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Who Can Give a Dog a Massage?

It may take more skill than a belly rub, but should massage only be allowed with veterinary supervision? California is the latest state to propose regulating the field of animal rehabilitation, and it could put many kinds of practitioners out of work.

With preventive health care booming, the state’s veterinary board wants to rein in non-veterinary businesses that cater to wellness, saying they “pose a grave danger” to pets and can increase costs for owners. The rule would mean only veterinarians, or physical therapists and registered vet techs, if supervised, could perform animal rehabilitation..

Opponents of the rule say the board has defined the field so broadly, it nets the use of electricity or biofeedback right along with exercise and simple massage used to soothe aching seniors, relax dogs that play sports, and socialize shelter pups.

“It is about defining everything as rehab, even swim facilities and pet certified fitness training,” says Linda Lyman, who attended a recent public hearing in Sacramento to air her concerns. Lyman says she has a PhD in physical education, has taken a canine medical massage course, and for seven years has operated Pawssage, a canine massage practice.

 “I go to agility trials every weekend and massage dogs before, between, and after they run. My goal is always to make sure my client’s dogs can hike, walk, and do things with their owners while and when they quit agility.”

As the board’s proposal would have it, Lyman is practicing veterinary medicine without a license. Aside from the hands-on, she makes suggestions that could get her in trouble under the new law. At her recommendation, three clients bought pools for their dogs, for example.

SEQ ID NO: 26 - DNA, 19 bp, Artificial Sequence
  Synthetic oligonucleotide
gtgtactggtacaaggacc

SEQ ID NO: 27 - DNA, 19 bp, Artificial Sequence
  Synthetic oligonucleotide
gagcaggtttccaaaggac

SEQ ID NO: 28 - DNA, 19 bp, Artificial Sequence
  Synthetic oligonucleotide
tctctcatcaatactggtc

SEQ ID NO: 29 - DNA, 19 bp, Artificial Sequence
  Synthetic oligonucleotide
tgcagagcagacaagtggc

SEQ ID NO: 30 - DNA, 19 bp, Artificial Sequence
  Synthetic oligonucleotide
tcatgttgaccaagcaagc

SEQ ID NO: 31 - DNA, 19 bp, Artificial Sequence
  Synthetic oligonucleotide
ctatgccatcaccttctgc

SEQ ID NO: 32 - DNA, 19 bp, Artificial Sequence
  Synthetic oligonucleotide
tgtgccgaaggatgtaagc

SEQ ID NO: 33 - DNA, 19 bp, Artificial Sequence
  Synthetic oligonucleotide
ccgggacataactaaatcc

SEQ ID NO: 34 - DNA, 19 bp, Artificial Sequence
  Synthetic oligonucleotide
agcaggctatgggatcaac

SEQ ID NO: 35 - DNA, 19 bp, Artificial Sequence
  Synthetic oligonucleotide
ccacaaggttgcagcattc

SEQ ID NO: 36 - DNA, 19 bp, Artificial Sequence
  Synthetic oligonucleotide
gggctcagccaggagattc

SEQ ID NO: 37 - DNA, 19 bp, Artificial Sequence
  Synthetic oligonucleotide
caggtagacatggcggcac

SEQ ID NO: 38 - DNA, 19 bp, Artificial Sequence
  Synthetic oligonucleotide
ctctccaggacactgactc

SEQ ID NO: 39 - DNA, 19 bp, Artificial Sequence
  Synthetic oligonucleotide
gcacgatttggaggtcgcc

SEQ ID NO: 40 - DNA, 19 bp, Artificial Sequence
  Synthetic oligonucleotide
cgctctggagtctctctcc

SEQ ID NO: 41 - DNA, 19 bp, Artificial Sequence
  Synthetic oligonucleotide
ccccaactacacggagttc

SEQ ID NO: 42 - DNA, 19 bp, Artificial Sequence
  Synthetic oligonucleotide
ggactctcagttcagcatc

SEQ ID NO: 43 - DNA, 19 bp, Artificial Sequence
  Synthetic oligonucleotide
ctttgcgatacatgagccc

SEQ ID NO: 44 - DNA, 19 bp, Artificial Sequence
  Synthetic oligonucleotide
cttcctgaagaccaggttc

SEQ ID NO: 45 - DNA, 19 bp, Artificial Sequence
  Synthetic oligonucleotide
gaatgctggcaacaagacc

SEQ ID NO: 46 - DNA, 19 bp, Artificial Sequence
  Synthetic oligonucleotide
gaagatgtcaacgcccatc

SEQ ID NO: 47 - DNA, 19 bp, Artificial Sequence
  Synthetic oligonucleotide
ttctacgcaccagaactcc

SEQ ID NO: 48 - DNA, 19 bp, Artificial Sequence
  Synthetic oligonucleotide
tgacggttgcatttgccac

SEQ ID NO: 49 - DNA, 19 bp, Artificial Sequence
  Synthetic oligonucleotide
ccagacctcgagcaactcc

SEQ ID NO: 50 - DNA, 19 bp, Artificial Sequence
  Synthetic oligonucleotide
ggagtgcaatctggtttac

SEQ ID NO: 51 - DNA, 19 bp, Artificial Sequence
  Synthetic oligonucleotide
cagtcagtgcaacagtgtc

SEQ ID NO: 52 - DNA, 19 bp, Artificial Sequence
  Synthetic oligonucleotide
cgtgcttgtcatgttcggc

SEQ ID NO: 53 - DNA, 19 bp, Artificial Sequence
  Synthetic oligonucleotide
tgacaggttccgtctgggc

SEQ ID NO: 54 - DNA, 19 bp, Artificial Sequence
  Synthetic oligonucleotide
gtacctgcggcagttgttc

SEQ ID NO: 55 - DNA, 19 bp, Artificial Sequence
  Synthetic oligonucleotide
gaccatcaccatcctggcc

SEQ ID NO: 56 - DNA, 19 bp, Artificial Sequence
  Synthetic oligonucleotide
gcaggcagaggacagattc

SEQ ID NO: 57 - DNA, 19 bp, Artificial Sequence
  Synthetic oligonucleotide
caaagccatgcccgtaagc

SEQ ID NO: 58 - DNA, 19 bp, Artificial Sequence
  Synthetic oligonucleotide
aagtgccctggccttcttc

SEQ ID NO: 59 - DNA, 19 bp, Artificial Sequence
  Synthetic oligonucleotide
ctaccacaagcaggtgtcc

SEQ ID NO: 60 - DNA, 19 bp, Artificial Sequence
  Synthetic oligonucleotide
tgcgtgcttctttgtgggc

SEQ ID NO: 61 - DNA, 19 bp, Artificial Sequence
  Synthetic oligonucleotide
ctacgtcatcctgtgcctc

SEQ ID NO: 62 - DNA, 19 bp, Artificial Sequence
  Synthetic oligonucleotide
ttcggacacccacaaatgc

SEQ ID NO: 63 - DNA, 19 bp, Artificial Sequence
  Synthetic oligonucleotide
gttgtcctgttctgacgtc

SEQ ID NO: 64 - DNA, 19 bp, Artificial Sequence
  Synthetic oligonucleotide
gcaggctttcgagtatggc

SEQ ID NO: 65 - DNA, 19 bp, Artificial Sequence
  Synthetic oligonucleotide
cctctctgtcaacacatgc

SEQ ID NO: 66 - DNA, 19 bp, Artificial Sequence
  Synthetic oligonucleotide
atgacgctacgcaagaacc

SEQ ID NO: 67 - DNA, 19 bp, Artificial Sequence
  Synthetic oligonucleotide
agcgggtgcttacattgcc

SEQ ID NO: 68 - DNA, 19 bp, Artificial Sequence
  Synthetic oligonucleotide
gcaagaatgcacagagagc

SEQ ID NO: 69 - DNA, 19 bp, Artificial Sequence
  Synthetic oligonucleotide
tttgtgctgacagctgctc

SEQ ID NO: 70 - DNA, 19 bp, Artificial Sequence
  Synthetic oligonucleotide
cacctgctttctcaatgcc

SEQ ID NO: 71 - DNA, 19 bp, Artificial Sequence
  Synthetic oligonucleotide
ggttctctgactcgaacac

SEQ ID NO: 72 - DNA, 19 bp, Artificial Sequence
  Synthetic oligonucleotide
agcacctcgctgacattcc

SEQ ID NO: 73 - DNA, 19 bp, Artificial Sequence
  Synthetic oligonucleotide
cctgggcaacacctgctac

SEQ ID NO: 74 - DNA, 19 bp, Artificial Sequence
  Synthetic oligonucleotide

In many states, a background like Lyman’s isn’t needed. Anyone can provide animal massage, including evaluation, treatment, instruction, and consultation. That currently includes California, where only “musculoskeletal manipulation” by the layperson is forbid. Other states call for direct veterinary supervision of the work, or allow it with a vet’s referral. Some require certification, like the state of Washington, where a 300-hour training course in general animal massage, first aid and more is needed.

Whether body workers massage humans, which calls for state licensing but not doctor supervision, or pets, “the good ones survive and thrive and the rest fall by the wayside, certification or not,” Lyman says.

In a few cases, lawsuits have accused vet boards that restrict massage of stifling competition. In Maryland, providers of horse massage successfully challenged the state vet board, and a recent Arizona lawsuit argues that massage is not a veterinary service.

Another meeting will be held on October 20-21, when the board will discuss comments received so far, and possibly vote on the final rule.

Lyman sees more at stake than massage, or any one service, she says. “This is about a pet’s access to all practitioners who can help it maintain a healthy lifestyle.”

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Sheila Pell is a journalist and contributor to The Bark.

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